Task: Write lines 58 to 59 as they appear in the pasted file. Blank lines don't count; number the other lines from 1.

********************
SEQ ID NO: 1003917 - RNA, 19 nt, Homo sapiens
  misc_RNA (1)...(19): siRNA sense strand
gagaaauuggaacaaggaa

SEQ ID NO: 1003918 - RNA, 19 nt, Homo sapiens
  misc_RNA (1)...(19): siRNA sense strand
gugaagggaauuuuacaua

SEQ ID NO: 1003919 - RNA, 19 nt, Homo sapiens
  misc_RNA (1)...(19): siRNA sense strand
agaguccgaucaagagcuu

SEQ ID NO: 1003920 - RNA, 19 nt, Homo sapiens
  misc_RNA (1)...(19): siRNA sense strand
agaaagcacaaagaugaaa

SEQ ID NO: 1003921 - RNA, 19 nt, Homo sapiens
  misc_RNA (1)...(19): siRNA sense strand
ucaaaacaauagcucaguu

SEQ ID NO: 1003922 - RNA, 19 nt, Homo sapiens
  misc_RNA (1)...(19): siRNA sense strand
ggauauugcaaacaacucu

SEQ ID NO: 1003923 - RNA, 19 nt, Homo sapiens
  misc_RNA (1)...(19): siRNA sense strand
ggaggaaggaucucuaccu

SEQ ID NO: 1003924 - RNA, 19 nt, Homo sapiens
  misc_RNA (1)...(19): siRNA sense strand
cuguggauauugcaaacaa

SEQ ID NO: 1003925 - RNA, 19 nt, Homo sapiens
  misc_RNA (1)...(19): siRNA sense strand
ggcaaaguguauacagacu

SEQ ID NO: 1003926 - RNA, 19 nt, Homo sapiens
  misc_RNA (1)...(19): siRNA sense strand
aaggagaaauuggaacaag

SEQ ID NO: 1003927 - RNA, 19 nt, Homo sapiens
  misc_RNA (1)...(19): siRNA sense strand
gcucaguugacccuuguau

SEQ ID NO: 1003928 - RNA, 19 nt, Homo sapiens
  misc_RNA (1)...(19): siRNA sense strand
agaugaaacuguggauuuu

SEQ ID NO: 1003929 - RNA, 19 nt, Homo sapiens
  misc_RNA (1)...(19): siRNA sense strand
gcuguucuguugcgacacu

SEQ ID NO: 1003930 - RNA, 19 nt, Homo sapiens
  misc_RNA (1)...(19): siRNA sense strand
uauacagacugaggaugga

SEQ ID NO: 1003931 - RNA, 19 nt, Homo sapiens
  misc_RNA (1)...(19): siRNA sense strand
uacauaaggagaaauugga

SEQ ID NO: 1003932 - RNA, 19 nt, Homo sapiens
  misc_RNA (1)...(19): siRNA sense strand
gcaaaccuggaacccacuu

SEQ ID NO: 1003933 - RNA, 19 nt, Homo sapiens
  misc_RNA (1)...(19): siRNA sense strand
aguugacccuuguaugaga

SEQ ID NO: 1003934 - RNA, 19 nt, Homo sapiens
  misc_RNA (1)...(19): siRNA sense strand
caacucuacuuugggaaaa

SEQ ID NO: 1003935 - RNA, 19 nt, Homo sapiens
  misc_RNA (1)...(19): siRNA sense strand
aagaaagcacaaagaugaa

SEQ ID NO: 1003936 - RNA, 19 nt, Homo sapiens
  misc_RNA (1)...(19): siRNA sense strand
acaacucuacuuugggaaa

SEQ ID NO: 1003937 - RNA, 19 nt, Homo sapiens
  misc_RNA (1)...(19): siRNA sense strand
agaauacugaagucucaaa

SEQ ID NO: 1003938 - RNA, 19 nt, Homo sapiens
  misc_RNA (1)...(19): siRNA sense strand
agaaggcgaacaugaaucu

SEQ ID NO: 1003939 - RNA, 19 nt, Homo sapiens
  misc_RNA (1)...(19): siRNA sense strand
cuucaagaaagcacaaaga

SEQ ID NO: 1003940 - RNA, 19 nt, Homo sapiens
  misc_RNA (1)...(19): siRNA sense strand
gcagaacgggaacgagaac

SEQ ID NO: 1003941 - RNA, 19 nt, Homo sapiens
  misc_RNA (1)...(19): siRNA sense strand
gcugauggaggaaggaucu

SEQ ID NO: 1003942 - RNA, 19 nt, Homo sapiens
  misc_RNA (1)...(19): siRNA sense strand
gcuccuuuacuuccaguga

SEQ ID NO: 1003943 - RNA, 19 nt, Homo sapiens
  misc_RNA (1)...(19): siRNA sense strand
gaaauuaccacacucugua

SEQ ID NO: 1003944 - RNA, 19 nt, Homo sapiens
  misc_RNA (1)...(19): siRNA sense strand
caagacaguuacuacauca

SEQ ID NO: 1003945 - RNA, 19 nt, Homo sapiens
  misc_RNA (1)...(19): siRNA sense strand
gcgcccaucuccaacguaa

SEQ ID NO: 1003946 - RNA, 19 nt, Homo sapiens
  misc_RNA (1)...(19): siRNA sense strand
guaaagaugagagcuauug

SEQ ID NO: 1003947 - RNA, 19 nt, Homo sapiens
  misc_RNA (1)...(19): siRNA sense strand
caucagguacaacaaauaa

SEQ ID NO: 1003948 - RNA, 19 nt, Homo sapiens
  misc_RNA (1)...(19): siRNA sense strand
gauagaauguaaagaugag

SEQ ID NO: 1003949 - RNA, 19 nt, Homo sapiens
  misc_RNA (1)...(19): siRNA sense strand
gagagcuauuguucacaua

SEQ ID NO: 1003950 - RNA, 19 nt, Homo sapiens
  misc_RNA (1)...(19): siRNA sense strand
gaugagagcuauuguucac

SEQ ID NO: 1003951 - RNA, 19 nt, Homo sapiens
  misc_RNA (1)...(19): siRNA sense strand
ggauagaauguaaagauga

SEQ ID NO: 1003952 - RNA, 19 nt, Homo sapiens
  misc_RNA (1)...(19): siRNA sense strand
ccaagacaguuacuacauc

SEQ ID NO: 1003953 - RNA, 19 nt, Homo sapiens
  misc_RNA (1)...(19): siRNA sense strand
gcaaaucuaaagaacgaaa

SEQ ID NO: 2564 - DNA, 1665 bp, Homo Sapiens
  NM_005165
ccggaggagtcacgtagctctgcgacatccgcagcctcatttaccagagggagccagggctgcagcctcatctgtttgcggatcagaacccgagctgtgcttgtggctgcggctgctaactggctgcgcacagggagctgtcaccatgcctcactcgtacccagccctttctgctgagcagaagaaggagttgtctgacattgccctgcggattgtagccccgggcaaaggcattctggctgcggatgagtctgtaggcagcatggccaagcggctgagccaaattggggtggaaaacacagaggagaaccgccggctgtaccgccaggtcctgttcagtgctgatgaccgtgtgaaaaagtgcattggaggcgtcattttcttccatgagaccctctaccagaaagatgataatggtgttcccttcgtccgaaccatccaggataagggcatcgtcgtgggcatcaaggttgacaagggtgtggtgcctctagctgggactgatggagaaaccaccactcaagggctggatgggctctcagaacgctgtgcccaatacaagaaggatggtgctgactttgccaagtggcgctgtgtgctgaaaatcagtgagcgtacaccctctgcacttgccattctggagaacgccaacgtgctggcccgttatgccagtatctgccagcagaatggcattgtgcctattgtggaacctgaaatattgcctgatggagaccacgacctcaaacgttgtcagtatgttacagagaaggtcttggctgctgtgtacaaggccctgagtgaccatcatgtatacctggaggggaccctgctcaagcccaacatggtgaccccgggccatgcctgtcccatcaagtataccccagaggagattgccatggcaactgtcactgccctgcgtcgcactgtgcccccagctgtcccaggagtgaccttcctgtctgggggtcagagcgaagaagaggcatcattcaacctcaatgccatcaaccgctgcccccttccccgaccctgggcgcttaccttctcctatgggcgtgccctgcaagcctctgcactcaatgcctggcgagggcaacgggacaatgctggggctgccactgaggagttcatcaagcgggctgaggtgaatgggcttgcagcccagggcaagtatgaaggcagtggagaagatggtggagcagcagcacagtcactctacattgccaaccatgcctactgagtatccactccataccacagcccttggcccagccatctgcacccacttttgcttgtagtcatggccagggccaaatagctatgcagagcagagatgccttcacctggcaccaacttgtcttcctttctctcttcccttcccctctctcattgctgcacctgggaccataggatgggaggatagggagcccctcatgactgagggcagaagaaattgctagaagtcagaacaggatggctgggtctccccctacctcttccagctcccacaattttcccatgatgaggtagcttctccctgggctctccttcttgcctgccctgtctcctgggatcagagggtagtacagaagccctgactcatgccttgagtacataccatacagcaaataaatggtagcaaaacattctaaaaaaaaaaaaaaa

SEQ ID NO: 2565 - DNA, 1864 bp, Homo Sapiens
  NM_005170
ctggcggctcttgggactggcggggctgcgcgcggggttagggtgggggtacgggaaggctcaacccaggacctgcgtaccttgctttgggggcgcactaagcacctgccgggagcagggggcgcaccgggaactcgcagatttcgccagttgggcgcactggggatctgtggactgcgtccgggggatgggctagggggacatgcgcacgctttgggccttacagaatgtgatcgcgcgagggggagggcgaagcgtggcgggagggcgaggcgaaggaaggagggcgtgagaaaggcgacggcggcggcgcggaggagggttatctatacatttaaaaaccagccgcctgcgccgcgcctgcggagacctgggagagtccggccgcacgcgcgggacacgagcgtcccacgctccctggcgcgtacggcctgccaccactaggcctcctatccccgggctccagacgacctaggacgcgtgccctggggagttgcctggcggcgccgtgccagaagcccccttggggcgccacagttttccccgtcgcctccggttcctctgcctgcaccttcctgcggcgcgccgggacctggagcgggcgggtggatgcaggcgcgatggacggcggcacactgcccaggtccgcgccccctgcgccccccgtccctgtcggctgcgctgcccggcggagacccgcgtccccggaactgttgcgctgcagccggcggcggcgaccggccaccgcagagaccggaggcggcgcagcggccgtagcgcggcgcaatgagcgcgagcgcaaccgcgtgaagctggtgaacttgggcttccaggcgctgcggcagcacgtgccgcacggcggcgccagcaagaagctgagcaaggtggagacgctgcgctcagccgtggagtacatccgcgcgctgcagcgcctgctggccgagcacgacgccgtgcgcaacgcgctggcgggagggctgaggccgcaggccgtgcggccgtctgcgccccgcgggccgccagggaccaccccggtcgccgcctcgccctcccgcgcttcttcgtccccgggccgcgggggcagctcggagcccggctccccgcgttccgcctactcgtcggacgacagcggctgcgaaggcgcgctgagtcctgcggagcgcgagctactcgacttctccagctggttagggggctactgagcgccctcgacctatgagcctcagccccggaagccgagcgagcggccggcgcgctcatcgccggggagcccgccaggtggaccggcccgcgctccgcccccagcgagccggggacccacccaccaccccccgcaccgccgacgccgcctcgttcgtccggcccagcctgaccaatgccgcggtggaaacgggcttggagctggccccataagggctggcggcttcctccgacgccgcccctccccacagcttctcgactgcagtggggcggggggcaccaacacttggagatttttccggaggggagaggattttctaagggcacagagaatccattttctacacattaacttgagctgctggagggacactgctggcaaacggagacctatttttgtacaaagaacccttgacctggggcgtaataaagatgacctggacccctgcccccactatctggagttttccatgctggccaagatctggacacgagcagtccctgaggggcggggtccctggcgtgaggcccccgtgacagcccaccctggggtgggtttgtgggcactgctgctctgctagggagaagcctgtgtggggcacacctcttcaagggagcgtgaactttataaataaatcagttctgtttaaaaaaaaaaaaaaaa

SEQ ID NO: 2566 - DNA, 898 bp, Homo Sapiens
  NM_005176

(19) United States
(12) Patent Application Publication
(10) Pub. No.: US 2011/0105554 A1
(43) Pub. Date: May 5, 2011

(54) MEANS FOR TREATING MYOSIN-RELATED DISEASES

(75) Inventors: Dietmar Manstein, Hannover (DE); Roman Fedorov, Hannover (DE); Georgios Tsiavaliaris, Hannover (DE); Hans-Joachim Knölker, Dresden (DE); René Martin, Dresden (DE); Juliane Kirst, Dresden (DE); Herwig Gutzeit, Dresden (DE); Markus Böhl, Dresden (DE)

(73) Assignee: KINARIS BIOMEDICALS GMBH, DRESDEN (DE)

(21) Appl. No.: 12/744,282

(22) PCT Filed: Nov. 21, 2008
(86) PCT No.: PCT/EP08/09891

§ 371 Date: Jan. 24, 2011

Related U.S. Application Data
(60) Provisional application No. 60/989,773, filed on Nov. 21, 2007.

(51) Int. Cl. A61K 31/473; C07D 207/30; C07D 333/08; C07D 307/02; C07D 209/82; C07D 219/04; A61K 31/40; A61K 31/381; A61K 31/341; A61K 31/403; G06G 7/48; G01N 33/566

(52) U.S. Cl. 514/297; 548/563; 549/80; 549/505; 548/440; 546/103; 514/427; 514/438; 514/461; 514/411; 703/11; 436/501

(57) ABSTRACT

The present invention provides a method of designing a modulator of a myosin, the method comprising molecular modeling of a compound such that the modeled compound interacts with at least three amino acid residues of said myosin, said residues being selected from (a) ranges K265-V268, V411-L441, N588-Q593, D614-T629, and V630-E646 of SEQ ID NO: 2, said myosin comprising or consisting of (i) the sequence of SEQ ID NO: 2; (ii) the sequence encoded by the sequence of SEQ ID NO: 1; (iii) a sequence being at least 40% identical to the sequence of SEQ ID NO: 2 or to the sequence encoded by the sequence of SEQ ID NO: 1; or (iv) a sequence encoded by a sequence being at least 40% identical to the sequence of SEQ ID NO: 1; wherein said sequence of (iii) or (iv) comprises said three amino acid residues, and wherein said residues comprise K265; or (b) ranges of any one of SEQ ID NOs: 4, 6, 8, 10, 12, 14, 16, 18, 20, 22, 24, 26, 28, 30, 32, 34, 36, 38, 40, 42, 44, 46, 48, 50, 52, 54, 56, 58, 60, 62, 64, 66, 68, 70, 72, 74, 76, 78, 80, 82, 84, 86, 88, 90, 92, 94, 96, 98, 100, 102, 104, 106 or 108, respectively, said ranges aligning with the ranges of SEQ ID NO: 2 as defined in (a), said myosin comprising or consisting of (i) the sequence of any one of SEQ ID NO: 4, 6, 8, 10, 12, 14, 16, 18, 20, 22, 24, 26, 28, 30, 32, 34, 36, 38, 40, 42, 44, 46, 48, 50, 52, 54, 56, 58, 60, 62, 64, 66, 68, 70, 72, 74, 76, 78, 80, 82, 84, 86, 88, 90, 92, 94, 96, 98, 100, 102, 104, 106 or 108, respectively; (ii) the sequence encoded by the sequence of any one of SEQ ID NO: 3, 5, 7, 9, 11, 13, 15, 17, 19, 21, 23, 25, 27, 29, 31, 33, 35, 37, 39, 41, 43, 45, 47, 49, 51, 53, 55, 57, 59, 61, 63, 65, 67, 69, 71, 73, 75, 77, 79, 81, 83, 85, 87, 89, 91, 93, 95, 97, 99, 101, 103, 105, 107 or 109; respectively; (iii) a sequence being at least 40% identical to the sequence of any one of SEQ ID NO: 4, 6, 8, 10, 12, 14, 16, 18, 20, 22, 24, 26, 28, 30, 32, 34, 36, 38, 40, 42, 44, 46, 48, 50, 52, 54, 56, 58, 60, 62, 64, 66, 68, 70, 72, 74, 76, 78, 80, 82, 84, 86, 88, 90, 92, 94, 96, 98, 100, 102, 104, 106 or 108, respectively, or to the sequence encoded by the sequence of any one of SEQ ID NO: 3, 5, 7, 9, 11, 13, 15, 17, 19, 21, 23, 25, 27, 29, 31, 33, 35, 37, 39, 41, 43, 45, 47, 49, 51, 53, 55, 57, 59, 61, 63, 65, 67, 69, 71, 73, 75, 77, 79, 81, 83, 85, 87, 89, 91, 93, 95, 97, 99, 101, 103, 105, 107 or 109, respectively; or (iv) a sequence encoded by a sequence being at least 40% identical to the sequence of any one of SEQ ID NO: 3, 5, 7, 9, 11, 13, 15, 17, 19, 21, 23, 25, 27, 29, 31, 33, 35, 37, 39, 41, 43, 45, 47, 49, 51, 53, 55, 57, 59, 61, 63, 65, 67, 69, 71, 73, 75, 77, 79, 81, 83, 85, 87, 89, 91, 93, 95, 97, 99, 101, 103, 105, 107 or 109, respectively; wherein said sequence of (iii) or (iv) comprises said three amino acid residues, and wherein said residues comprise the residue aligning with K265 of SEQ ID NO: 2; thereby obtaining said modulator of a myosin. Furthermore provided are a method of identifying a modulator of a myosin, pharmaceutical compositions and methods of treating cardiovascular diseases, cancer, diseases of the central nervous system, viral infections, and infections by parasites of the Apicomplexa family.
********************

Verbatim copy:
SEQ ID NO: 1003936 - RNA, 19 nt, Homo sapiens
  misc_RNA (1)...(19): siRNA sense strand